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Salam Al-Alo, 27, sought refuge in Jordan in 2013. After working as a site supervisor at the UN Women Oasis Centre in Za’atari Refugee Camp, she continues to volunteer at the place that she believes helped her find herself.
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Nuwwar Naser, 27, joined the UN Women Oasis Centre in Za’atari Refugee Camp as an administrative supervisor to provide for herself and her husband...
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Through her work experience at the UN Women’s Oasis Centre in the Azraq refugee camp, 29-year-old Marwa Barakat has gained confidence, independence and financial stability. The Oasis model for women’s resilience and empowerment was developed by UN Women and the Ministry of Social Development with significant funding and contributions from the European Union, including in the model’s extension to community centres and related policy dialogues.
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Wijdan Al-Abbadi, 38, was born and raised in Iraq Al-Amir, a town in the municipality of Amman, Jordan. With her 18 years of experience as a beautician, she aptly leads the beauty training at the Oasis Centre, encouraging other women in her community to participate in the labour force in order to gain financial and social independence. The Oasis model for women’s resilience and empowerment was developed by UN Women and the Ministry of Social Development with significant funding and contributions from the European Union, including in the model’s extension to community centres and related policy dialogues.
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Amal Mohammad Zyoud, a 35-year-old mother of four, joined the Oasis Centre in the hopes of providing a better education for her children. The Oasis model for women’s resilience and empowerment was developed by UN Women and the Ministry of Social Development with significant funding and contributions from the European Union, including in the model’s extension to community centres and related policy dialogues.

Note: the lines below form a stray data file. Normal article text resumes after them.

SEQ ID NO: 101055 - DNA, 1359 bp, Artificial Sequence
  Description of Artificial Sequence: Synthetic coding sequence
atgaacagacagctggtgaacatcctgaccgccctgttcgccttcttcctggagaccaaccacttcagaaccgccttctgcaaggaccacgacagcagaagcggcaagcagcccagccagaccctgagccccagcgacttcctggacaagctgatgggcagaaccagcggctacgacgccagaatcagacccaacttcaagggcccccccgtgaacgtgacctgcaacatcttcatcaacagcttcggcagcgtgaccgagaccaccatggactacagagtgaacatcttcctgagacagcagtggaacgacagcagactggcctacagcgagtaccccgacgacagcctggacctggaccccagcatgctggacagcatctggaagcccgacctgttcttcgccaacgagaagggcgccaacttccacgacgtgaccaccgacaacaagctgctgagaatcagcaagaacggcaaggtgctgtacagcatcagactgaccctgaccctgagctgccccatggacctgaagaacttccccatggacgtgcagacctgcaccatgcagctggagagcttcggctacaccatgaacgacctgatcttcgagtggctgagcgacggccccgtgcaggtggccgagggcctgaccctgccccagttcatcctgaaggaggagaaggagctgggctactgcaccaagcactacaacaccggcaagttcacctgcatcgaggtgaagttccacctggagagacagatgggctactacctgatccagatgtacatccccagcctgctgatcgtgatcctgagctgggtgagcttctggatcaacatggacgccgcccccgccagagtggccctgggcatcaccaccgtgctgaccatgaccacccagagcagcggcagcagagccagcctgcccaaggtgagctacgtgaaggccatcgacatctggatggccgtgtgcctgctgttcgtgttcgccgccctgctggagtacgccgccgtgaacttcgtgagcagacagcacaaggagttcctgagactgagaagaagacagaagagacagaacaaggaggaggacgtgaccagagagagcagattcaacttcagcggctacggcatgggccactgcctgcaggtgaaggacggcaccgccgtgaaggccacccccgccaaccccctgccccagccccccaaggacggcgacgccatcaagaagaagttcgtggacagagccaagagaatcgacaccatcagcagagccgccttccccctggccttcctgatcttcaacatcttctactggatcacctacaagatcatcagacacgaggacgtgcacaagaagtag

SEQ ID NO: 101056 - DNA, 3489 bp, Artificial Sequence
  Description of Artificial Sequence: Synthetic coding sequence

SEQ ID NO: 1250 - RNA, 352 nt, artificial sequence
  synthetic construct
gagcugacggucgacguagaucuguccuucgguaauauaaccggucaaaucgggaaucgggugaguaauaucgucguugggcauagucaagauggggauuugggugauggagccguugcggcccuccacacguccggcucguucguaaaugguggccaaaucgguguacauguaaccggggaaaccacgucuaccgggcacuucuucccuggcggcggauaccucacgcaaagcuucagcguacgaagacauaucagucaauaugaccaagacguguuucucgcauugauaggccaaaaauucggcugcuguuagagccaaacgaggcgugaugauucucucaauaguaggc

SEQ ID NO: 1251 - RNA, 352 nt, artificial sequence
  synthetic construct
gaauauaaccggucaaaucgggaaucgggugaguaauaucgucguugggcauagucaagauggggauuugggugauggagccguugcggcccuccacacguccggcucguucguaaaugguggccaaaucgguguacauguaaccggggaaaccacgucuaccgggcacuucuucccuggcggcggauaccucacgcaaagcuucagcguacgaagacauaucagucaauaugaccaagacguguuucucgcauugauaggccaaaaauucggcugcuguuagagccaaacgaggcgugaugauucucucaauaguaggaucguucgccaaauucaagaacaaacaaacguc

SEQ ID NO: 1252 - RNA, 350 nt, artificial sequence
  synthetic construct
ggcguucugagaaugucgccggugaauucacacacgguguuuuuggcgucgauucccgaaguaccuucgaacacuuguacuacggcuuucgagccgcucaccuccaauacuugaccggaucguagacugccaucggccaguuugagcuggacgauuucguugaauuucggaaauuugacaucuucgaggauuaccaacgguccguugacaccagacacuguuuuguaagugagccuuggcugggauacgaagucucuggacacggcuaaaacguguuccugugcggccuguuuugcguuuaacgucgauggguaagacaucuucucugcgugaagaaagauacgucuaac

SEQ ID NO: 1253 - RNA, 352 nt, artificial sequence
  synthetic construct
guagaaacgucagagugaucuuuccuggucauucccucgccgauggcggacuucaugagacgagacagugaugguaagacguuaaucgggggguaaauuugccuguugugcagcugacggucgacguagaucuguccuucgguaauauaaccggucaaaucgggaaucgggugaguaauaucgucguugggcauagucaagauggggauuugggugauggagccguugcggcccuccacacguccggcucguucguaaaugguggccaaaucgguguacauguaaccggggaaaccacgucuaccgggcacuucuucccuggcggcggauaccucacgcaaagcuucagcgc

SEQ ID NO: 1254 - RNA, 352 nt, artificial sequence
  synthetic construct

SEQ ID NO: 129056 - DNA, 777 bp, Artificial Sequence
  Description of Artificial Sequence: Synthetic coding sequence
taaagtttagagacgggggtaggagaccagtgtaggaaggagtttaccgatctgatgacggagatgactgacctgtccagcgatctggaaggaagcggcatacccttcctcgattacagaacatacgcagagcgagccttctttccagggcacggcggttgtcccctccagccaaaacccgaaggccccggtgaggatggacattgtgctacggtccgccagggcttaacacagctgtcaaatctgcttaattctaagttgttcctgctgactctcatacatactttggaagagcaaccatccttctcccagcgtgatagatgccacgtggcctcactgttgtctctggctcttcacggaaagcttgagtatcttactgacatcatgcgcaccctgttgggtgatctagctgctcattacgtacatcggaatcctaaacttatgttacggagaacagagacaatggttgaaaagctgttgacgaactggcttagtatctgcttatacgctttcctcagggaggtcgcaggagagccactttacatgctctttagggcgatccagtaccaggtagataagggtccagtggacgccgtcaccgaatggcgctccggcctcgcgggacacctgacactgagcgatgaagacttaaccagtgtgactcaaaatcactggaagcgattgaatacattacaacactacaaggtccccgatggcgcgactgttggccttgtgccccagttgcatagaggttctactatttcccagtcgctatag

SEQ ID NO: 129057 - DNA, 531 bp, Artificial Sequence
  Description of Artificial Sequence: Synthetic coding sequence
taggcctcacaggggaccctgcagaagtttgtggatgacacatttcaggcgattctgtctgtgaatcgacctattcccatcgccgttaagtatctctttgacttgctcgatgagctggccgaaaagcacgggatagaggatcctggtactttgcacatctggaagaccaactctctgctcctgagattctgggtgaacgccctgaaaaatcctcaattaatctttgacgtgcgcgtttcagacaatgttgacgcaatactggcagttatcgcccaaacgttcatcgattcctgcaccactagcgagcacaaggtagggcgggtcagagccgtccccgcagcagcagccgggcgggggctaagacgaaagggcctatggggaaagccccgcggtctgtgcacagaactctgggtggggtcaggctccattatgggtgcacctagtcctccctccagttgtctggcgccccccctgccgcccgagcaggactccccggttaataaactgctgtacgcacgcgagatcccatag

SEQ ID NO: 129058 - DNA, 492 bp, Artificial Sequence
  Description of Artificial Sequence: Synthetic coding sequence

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Ayat Shhadeh, a 29-year-old mother of two, became a facilitator for the Renewing Hope project in order to support other women who have shared her own experience of undergoing early marriage. Through the project implemented by the Family and Childhood Protection Society (FCPS), supported by the Women’s Peace and Humanitarian Fund (WPHF), she not only provides for her daughters, but also coordinates activities that offer young women and girls the chance to continue their education, while accessing livelihood opportunities and reproductive health services in their communities.
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Dareen Mahmoud Awad Kamal Daoud, 17, is the Vice-President of the girl's Board of Directors at Towards a Better Tomorrow Association (Nagat), a community-based organization that supports vulnerable women and girls in East Amman and Mafraq to access sexual and reproductive health services, while raising awareness on gender-based violence, with the support of the UN’s Women’s Peace and Humanitarian Fund.
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Fatoom Mohammad Suwwan, 51, joined the UN Women Oasis Centre in the Azraq refugee camp in Jordan. Every day, she continues to conquer her physical challenges to provide financial support for her family.
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Aida Salameh Khalil Al-Rawajfeh, 49, joined the UN Women’s Oasis Centre in Tafilah, southern Jordan, as an agriculture trainer to be able to provide for her family. As an experienced and passionate farmer, she provides lectures and trainings on agriculture to women in her community, encouraging them to start their own businesses. Following her experience at the Oasis Centre, she plans to continue her studies in agriculture and run her own hydroponic business, a sustainable farming method that requires less use of water.